Motive FoodWorks decides to revoke patent at center of Impossible Foods dispute

BOSTON — Motif FoodWorks is challenging the validity of Impossible Foods’ patent for a heme-containing meat alternative.

Impossible Foods launched its plant-based burger containing yeast-derived heme in 2016 and received a patent for it in 2020. Touted as a key ingredient for mimicking animal protein, heme imparts flavor and a meaty color when combined with other ingredients.

In March, the company filed a lawsuit alleging Motif FoodWorks infringed its patent with Hemami, a yeast-derived heme protein for use in plant-based meat substitutes, which became commercially available for a large-scale distribution at the end of last year. Specifically, Impossible Foods cited its patent for a “beef replica product” that contains, among other things, “a muscle replica containing between 0.1% and 5% heme-containing protein.”

Now, Motif FoodWorks is fighting back, alleging Impossible Foods should never have gotten the patent in the first place.

In a petition requesting a review of the patent, Motif FoodWorks identified relevant patents and literature that were public prior to the earliest date Impossible Foods claims to have discovered its invention. The ingredient Impossible Foods claims to have discovered has been sold in food products for decades, the petition claims, arguing that the inclusion of a heme protein in a meat replacement product is unpatentable.

The petition also states that Impossible Food’s ingredient heme is identical to soy lehemoglobin, which is found in plants, while Motif FoodWork’s ingredient Hemami is identical to bovine myoglobin, which is found in tissue. muscle of cows.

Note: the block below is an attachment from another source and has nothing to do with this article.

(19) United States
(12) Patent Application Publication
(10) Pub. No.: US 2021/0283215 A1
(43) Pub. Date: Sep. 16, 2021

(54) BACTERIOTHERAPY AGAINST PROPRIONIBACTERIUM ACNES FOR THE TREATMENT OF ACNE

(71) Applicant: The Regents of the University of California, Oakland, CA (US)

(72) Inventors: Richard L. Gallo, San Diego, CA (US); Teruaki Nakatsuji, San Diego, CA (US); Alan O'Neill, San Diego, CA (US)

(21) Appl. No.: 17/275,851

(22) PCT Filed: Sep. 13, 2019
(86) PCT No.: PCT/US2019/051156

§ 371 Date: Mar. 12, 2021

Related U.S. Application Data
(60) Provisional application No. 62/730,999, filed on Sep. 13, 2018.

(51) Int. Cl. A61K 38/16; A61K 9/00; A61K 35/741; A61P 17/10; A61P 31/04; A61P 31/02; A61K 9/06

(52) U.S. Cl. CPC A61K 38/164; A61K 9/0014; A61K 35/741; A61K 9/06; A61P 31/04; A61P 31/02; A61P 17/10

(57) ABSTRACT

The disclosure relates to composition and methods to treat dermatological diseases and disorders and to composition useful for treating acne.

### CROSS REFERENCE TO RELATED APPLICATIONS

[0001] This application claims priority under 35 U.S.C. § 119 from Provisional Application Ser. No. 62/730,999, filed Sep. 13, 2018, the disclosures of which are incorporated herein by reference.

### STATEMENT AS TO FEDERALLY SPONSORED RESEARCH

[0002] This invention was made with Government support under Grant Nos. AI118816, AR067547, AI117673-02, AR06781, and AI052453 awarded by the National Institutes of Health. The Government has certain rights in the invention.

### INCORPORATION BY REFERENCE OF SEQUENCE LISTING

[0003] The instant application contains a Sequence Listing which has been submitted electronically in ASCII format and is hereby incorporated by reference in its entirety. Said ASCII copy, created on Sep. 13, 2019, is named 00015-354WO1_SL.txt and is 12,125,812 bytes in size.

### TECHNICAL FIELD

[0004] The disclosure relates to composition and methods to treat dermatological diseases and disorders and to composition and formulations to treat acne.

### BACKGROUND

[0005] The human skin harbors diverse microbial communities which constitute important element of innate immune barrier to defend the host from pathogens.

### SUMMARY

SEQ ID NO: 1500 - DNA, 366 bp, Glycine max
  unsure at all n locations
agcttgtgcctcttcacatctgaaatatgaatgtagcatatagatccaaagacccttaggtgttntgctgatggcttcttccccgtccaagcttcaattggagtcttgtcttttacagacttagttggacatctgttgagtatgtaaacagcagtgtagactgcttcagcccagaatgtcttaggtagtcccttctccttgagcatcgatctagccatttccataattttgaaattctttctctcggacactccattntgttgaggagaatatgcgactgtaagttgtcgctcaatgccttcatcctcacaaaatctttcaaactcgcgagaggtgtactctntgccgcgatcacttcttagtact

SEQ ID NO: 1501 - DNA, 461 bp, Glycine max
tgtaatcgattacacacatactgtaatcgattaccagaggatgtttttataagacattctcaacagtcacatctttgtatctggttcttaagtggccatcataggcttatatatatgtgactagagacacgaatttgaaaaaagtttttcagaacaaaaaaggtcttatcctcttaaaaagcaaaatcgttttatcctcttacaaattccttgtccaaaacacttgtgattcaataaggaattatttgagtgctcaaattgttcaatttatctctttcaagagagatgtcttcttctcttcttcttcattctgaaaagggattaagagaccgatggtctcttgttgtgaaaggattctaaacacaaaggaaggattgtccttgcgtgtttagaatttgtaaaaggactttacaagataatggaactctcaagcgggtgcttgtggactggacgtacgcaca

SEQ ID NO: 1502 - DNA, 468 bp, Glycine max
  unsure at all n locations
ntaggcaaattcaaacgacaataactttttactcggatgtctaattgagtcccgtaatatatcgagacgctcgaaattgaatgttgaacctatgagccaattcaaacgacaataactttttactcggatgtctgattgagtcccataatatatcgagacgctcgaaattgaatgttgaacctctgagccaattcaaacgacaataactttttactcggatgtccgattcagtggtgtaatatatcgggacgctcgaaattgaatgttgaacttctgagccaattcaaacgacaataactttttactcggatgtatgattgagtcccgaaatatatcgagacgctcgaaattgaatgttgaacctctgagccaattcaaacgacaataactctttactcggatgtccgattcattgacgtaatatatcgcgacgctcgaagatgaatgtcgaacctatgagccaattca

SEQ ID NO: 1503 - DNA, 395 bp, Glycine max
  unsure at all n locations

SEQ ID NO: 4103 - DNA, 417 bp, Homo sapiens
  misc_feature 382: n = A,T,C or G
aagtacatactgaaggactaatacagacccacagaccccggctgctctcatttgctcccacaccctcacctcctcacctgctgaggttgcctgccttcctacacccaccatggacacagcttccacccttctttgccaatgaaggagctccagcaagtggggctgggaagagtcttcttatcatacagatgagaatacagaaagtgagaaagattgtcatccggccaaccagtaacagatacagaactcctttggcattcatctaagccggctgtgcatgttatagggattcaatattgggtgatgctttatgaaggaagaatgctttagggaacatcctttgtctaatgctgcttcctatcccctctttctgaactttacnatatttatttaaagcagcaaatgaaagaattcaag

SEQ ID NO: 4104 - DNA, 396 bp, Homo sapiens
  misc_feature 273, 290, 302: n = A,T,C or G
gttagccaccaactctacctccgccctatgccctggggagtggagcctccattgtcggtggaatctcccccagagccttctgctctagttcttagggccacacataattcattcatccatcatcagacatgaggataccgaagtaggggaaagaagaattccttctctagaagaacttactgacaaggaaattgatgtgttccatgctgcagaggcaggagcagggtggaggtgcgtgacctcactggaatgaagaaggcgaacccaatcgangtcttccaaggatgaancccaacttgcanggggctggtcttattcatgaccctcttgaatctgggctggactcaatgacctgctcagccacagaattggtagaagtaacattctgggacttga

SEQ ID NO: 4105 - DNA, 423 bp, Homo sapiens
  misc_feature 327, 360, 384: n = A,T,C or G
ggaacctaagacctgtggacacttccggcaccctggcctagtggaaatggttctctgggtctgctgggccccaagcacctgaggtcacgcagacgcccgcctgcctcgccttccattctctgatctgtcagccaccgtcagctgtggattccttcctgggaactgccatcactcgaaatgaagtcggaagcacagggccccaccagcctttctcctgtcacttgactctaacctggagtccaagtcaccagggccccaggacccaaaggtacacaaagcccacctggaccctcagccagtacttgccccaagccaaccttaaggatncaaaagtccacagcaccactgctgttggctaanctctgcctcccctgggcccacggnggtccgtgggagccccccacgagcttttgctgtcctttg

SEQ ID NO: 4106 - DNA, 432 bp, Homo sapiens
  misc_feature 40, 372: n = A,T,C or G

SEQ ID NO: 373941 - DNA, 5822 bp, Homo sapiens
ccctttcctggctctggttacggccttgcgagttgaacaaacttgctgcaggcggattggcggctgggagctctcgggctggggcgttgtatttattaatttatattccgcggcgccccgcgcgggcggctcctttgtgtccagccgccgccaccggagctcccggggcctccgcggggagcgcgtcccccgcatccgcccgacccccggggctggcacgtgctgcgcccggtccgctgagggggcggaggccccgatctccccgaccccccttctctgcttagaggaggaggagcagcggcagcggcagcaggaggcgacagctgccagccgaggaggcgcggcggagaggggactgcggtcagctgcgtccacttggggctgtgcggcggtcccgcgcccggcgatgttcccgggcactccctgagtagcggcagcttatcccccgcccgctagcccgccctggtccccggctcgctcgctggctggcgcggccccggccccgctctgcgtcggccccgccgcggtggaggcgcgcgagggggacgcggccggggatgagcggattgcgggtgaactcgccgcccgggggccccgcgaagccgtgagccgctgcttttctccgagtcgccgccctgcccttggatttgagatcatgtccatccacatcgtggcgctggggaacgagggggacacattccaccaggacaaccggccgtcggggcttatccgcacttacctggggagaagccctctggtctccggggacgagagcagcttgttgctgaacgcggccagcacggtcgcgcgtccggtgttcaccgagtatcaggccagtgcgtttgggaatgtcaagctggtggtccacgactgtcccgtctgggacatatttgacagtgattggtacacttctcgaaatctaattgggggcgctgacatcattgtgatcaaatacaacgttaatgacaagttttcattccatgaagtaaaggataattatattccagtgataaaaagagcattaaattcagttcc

Motive FoodWorks plans to file a motion asking the district court where Impossible Foods filed its lawsuit to stay the litigation pending action by the patent office.

“Impossible’s claims are a legally and factually baseless attempt to stifle innovation and limit consumer choice to preserve their own profits,” a spokesperson for Motif FoodWorks said. “We are confident that the Patent Trial and Appeal Board will agree with our view that the patent should never have issued and will revoke it. Our industry should work together to develop the category to plants for the greater good… Competition is healthy and it should be played out in the marketplace, not in the courts.

A spokesperson for Impossible Foods said Food Industry News the company is confident in the strength of its patent.

“Motif’s stunt is a baseless and meritless attempt to distract from the fact that they have infringed our patent and are illegally using our technology to grow their business,” the spokesperson said. “Furthermore, Motif’s misleading assertion that bovine myoglobin is fundamentally different from Impossible Foods’ heme protein is irrelevant and does not change the fact that they infringed.”

Previous Running Tab: Head (to) East: Northern Quest's New Pan-Asian Restaurant Offers Many Reasons to Celebrate
Next Palma in downtown Phoenix offers festive brunch vibes and fried chicken